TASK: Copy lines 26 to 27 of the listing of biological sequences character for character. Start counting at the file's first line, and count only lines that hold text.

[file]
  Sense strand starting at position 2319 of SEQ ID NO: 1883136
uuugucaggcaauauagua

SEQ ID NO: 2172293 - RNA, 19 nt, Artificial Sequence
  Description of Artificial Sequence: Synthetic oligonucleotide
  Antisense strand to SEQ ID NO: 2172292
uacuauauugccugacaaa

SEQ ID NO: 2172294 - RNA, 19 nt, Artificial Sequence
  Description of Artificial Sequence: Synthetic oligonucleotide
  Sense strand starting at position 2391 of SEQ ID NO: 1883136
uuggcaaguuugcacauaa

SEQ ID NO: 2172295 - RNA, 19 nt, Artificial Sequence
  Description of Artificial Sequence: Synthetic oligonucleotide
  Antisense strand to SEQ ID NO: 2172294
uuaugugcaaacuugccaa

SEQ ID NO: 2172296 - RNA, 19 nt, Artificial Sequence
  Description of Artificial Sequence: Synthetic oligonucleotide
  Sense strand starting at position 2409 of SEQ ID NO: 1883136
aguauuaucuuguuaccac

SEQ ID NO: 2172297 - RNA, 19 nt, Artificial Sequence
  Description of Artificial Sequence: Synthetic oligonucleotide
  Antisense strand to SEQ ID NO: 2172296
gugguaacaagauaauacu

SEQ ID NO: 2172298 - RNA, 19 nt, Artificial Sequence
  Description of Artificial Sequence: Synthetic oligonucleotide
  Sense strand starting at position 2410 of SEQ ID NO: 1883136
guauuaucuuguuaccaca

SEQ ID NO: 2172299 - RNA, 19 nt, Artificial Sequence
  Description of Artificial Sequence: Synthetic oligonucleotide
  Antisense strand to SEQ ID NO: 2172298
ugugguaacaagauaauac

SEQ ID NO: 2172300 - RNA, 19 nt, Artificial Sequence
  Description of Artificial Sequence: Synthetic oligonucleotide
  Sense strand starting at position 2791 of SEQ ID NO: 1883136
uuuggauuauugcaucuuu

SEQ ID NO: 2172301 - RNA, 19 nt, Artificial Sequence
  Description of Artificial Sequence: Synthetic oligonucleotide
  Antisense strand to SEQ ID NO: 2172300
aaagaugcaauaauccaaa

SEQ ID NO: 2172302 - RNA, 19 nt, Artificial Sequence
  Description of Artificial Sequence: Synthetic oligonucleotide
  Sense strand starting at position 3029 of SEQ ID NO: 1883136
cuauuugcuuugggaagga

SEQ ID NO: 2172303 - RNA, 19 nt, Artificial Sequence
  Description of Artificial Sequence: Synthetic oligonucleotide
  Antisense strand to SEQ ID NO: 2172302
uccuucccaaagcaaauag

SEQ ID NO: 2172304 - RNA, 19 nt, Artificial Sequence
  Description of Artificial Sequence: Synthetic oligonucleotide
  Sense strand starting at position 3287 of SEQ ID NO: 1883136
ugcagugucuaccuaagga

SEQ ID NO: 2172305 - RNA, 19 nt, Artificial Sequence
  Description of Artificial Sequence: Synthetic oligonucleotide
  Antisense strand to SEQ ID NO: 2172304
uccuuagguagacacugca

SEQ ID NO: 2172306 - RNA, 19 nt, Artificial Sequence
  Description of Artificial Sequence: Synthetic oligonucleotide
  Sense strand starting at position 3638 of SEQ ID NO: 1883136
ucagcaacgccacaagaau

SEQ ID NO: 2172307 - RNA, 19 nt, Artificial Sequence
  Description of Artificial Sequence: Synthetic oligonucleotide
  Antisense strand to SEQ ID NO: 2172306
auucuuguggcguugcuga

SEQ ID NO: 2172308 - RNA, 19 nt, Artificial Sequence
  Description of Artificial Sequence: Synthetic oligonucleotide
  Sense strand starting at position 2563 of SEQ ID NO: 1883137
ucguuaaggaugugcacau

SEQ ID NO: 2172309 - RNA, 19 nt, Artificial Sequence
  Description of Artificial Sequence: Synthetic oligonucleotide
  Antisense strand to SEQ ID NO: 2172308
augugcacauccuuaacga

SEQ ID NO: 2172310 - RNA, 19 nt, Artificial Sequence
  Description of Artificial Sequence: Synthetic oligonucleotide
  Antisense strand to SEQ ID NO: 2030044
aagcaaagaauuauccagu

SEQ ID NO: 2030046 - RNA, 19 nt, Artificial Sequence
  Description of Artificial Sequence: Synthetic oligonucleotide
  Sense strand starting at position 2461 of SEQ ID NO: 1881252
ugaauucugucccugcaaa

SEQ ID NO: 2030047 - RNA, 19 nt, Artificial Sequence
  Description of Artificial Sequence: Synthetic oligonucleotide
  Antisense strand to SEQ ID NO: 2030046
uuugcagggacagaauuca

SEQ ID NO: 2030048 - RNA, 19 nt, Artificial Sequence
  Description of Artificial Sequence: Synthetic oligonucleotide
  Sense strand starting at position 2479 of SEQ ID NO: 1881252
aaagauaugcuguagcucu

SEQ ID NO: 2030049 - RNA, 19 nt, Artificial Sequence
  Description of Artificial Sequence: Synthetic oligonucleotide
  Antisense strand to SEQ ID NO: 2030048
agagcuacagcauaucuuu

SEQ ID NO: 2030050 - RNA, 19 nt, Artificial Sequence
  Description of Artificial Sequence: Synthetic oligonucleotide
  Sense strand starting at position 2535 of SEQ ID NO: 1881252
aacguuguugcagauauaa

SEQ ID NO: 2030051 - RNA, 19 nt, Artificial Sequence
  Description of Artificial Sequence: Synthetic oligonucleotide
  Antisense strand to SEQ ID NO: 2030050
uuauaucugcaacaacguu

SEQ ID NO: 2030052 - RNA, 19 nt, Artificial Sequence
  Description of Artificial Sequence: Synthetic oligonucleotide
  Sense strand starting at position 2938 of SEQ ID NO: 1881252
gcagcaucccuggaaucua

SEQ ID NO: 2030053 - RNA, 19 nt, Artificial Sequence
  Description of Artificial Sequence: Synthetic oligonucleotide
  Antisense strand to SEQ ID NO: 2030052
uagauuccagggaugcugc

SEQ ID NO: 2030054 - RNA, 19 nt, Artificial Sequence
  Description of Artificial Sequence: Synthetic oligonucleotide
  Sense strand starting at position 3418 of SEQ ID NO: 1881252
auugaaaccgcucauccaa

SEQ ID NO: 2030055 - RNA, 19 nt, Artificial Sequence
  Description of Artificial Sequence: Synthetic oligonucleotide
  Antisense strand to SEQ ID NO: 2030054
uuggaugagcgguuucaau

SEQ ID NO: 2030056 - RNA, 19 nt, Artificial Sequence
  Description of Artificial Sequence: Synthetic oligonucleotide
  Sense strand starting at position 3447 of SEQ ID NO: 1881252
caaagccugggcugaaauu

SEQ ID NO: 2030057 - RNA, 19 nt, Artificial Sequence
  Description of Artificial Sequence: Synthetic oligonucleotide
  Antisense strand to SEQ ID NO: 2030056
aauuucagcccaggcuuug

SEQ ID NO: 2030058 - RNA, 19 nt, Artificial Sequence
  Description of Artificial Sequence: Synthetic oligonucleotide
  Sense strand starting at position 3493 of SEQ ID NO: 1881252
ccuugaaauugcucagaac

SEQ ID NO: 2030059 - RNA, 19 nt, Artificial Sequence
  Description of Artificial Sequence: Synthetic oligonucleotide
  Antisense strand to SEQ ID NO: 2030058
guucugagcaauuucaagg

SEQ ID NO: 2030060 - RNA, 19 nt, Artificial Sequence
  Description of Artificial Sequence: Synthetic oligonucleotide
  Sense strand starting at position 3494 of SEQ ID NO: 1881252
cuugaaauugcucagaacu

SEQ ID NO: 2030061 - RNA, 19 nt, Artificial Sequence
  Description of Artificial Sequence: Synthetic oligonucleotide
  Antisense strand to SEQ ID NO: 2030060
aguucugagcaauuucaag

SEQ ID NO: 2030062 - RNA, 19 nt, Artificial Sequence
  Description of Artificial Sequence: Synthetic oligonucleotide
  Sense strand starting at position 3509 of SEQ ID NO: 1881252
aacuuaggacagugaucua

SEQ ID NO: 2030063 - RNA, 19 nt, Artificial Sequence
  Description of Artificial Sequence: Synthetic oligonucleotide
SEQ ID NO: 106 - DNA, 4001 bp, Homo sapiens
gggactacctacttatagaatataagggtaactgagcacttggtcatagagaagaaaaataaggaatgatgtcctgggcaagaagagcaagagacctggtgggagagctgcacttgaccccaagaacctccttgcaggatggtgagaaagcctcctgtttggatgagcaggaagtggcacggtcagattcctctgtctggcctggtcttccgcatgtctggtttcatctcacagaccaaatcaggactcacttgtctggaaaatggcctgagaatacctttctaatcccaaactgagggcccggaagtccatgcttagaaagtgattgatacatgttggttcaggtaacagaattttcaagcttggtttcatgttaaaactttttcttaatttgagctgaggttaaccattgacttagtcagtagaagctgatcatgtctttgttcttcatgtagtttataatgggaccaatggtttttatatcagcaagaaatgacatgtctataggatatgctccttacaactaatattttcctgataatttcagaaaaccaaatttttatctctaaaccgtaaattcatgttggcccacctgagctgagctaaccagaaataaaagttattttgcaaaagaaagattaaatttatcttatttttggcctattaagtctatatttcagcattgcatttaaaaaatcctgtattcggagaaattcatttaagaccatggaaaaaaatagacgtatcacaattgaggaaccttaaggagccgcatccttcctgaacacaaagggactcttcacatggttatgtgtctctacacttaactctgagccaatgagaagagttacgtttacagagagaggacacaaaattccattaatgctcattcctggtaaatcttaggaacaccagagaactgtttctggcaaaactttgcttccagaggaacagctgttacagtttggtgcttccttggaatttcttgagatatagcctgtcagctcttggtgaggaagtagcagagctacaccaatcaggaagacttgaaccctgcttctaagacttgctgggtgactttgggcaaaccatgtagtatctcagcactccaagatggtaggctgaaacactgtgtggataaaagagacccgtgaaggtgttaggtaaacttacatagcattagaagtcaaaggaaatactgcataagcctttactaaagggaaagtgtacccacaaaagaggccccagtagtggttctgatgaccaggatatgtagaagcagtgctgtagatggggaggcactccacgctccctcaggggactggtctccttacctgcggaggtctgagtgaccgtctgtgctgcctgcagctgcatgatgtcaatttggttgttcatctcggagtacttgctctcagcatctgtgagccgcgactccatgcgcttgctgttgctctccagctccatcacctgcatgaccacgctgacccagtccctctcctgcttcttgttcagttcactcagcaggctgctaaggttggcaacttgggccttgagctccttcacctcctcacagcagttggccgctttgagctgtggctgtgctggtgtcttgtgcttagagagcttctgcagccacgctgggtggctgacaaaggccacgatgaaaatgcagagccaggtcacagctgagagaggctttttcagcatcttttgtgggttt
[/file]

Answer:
guauuaucuuguuaccaca

SEQ ID NO: 2172299 - RNA, 19 nt, Artificial Sequence